Newsround makes me think of a little girl in the mid-1980s who loved the news. She consumed it from when she threw down her satchel after school, from two outlets. The first was Grandpa’s red-tops, which screamed in headlines about a scary woman called Maggie, children being snatched and something chilly called the Cold War. The second was her preferred source: a man sitting behind a desk in a brightly-coloured jumper on TV, speaking sensibly and calmly, called John Craven.
Newsround celebrates its 50th birthday next week and that little girl — me — is now a parent of a seven-year-old, who watches it every day at school on BBC iPlayer. It’s also shown live on the BBC’s children’s channel, CBBC, at 7.45am, a breakfast-accompanying slot that reflects the high regard in which it’s still held. Yet it’s a miracle it was ever made at all.
Fifty years ago Edward Barnes, then deputy head of BBC children’s TV, had a short gap to fill on Tuesdays and Thursdays at 5pm. He proposed filling it with news: there hadn’t been any since Children’s Newsreel, running from 1950 to 1961, featuring clips on cleaning railway coaches, miniature railways and Princess Margaret inspecting sea rangers at Portsmouth.
But Barnes’s idea met resistance, especially as he wanted to cover tougher contemporary topics. “They thought it was violating children’s innocence,” Barnes said in 2011. Jonathan Dimbleby had been the first choice for presenter but had been snapped up by ITV. A newer face, John Craven, then 31, was brought in to present it instead. His presenting style was perfect: authoritative but kind, precise but never patronising, his Leeds vowels occasionally — and endearingly — peeking through his Auntie-approved delivery.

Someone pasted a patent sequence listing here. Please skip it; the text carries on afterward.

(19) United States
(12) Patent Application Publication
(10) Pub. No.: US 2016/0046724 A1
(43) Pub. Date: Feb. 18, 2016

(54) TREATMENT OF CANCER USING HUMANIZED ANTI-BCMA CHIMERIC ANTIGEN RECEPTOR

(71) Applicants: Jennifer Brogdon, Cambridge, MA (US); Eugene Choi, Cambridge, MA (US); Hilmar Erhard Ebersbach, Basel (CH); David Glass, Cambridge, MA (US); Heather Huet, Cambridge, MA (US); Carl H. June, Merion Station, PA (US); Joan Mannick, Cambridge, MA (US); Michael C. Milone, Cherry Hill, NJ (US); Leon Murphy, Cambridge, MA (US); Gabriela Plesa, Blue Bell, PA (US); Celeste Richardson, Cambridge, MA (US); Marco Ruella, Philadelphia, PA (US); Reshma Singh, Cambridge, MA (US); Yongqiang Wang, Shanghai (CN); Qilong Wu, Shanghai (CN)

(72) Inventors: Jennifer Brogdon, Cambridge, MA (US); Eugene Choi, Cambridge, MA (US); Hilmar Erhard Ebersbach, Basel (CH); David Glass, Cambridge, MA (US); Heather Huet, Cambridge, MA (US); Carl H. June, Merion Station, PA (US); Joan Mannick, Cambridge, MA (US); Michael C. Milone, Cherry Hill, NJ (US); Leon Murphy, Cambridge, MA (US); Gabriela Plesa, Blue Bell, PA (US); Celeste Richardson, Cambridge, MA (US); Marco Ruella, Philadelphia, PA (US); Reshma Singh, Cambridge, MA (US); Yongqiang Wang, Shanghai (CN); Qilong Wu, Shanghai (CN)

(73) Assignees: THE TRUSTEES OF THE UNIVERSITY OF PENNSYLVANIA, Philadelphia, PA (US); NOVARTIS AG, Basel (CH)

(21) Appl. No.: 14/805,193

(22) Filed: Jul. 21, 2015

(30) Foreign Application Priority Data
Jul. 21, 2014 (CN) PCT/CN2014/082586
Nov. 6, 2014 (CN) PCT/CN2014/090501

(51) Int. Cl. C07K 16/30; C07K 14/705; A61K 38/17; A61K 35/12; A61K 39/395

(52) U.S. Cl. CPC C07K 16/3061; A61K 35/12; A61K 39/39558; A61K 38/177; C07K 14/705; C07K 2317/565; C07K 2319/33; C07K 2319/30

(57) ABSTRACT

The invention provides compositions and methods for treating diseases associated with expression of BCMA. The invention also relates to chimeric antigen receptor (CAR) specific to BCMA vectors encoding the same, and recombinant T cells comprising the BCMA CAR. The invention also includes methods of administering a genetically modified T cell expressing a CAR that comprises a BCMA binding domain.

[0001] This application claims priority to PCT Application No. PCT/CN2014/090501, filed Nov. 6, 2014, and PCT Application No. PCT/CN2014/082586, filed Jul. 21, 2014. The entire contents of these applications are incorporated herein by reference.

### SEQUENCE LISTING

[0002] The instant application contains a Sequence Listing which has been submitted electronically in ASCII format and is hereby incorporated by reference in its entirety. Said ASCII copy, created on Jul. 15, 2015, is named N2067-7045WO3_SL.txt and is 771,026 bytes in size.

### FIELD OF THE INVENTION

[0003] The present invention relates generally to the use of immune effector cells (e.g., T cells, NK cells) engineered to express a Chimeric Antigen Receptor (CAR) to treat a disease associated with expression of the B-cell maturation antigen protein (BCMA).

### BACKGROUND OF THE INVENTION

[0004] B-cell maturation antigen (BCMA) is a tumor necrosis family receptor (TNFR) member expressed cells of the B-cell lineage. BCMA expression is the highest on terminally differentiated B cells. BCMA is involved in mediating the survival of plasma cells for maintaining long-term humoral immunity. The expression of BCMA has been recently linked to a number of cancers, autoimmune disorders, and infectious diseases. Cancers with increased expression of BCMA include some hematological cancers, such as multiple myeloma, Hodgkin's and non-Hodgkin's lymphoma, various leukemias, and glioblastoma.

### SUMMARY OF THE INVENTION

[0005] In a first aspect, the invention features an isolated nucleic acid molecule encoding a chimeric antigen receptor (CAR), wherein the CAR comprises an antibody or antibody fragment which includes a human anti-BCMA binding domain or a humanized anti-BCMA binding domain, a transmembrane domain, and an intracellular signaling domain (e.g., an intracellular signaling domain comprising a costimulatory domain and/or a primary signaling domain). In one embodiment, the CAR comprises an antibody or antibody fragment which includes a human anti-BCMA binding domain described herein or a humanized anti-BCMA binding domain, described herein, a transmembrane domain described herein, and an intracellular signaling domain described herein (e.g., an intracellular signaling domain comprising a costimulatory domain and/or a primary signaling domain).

He was also less intimidating than the presenters I’d catch over Rice Krispies at breakfast, or when I was allowed to stay up late, like Peter Sissons, Sue Lawley and Jeremy Paxman. They felt as distant to me as the many subjects about which they gravely intoned.
Newsround’s task was to explain “serious events in a simple way”, Craven said recently (he stayed at the show until 1989, then went to present Countryfile, which he still does now, at 81). It turned out that many adult viewers liked the show too. “Some of my greatest fans were pub landlords, who made sure that they tuned in at 5pm before opening up.”
It helped that Newsround didn’t ramp up the drama of breaking events that were already deeply traumatic. This I know from personal experience. At seven, I was at my friend Julia’s after school, bowls of flying saucer sweets in our hands to celebrate the early morning take-off of the US space shuttle Challenger. Because of the time difference, Newsround was the first to break the news of its explosion — something many people of my age remember too, given that we grew up in the age of only four terrestrial channels. A clip online shows that day’s presenter, Roger Finn, in a warm, cosy jumper, telling us calmly what’s happened. Today, I notice how nervously he’s rustling his papers, but his voice set the tone. It comforted us all.
Newsround always handled frightening subjects sensitively and still does. From its reports four decades ago, I learned about the hole in the ozone layer, while also being told what people could do to stop it from getting bigger. This morning, I watched the show’s latest report on the war in Ukraine, hosted in the studio by Jenny Rose Lawrence, wearing a red shirt decorated with dinosaurs. After showing footage from the ground, she shows her interview with a young Ukrainian girl, Eva, now in Poland, asking her what her journey had been like, and how Polish people had welcomed her, before showing good things being done by so many people to help, at home as well as abroad.
Unexpectedly, the report brought me to tears, reminding me of my similar education on the small screen, and how it influenced who we are now as parents. It made me realise that our Newsround childhoods taught us about the tough realities of the world around us, while always holding our hand.